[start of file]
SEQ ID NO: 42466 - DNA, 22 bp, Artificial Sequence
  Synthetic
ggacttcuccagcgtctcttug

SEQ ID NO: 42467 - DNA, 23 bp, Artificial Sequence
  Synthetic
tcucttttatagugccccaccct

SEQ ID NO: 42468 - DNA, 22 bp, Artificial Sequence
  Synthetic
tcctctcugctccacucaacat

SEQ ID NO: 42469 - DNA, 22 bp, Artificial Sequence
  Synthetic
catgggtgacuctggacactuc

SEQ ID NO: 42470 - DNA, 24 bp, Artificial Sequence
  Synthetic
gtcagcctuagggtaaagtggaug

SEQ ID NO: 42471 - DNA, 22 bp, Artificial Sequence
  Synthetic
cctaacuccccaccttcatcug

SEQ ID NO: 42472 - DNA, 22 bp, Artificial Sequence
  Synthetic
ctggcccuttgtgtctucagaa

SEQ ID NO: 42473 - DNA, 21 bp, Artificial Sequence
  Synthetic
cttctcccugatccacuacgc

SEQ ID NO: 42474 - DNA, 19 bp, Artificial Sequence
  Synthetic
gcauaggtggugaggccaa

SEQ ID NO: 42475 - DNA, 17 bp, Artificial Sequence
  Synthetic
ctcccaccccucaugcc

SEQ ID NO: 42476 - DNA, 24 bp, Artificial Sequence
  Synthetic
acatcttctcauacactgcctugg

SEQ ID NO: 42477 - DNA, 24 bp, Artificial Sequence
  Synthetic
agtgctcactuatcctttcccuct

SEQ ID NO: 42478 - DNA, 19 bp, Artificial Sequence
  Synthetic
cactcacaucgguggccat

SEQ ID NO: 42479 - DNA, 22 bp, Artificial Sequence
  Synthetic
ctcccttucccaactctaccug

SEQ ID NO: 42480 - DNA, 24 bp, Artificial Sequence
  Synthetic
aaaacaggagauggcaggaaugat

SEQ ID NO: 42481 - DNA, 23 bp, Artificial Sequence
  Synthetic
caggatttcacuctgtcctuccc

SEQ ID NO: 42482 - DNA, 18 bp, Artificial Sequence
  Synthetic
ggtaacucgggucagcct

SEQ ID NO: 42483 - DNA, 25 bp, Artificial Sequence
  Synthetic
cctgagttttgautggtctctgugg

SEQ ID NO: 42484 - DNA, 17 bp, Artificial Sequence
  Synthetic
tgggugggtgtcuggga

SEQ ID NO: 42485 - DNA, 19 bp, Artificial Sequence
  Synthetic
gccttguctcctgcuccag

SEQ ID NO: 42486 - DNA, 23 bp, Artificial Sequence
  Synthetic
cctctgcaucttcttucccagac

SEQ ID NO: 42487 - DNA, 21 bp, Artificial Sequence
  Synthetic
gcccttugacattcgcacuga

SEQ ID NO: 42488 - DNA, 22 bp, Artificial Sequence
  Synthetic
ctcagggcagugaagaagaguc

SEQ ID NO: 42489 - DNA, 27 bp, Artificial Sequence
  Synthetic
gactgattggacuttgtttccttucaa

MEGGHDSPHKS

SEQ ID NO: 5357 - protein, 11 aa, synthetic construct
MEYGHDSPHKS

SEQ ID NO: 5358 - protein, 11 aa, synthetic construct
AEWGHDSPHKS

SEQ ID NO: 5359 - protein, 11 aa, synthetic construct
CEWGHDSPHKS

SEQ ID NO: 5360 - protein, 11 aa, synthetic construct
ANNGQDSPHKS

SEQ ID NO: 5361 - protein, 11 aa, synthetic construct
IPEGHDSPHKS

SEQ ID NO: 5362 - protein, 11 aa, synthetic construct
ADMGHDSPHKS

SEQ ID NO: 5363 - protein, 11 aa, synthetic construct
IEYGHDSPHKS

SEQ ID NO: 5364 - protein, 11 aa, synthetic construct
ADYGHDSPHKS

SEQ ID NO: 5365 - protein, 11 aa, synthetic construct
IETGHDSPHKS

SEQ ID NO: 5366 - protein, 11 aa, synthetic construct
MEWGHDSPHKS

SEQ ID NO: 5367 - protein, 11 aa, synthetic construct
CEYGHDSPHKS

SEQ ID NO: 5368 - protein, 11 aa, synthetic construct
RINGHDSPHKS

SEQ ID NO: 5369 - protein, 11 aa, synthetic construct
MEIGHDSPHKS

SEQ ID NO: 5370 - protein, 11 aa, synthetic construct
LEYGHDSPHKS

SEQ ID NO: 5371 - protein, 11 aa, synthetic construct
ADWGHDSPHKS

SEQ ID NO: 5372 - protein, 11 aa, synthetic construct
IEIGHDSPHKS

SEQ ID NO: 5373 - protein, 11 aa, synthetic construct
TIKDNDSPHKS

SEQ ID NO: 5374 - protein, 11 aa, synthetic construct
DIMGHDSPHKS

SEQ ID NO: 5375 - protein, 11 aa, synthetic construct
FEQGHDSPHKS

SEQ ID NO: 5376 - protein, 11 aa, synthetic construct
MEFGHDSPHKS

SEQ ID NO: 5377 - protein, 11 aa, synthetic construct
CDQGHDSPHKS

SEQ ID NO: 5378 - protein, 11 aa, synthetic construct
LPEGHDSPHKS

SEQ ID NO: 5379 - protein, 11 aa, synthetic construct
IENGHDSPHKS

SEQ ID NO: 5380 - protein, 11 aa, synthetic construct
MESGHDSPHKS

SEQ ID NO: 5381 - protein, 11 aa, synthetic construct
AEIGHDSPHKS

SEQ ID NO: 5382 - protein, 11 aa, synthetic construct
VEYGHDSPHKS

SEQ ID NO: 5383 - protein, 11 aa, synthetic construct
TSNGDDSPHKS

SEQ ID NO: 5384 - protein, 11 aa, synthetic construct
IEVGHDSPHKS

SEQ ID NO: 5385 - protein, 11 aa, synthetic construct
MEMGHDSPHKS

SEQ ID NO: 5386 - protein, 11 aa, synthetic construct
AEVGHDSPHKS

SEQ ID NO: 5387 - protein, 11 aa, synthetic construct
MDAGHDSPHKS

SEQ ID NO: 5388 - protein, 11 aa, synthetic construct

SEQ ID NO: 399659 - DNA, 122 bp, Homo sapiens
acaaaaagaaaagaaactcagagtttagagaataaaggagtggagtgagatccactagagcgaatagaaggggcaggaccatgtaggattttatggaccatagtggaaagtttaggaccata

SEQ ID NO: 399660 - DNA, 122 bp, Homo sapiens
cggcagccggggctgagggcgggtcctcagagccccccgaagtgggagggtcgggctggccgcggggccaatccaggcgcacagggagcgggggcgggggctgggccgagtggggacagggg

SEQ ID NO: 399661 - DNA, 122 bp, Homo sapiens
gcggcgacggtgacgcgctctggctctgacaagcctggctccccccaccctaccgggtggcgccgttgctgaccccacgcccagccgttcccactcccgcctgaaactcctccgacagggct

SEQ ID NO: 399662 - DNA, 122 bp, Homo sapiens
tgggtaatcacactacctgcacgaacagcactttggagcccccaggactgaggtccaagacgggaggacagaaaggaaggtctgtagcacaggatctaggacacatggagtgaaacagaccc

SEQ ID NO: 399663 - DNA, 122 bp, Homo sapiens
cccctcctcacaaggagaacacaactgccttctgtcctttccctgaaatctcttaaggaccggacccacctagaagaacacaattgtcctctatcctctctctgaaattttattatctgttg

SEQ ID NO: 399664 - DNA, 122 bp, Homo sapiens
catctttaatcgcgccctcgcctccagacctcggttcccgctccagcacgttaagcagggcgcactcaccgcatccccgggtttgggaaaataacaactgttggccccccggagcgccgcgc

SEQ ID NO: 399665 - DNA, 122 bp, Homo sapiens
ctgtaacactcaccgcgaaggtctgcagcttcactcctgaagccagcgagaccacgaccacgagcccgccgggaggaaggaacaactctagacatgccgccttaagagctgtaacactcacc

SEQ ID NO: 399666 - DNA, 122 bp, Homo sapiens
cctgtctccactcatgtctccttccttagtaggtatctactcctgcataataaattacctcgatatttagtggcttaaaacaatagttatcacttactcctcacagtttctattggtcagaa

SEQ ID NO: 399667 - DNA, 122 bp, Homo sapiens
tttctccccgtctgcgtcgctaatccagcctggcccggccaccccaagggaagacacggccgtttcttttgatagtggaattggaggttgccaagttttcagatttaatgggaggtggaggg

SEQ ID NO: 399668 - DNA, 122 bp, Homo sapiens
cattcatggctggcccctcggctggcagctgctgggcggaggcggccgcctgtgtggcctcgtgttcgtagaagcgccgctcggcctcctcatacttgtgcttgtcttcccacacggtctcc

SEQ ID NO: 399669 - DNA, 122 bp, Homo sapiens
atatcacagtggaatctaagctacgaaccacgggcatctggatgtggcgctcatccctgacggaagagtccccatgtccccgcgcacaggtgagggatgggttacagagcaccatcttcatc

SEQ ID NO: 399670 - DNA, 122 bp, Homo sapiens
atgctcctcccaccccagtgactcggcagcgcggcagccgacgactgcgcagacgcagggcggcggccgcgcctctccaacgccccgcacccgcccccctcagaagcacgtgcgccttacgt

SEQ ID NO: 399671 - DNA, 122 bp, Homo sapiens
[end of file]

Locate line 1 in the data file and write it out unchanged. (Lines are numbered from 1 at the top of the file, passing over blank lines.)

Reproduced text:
SEQ ID NO: 42466 - DNA, 22 bp, Artificial Sequence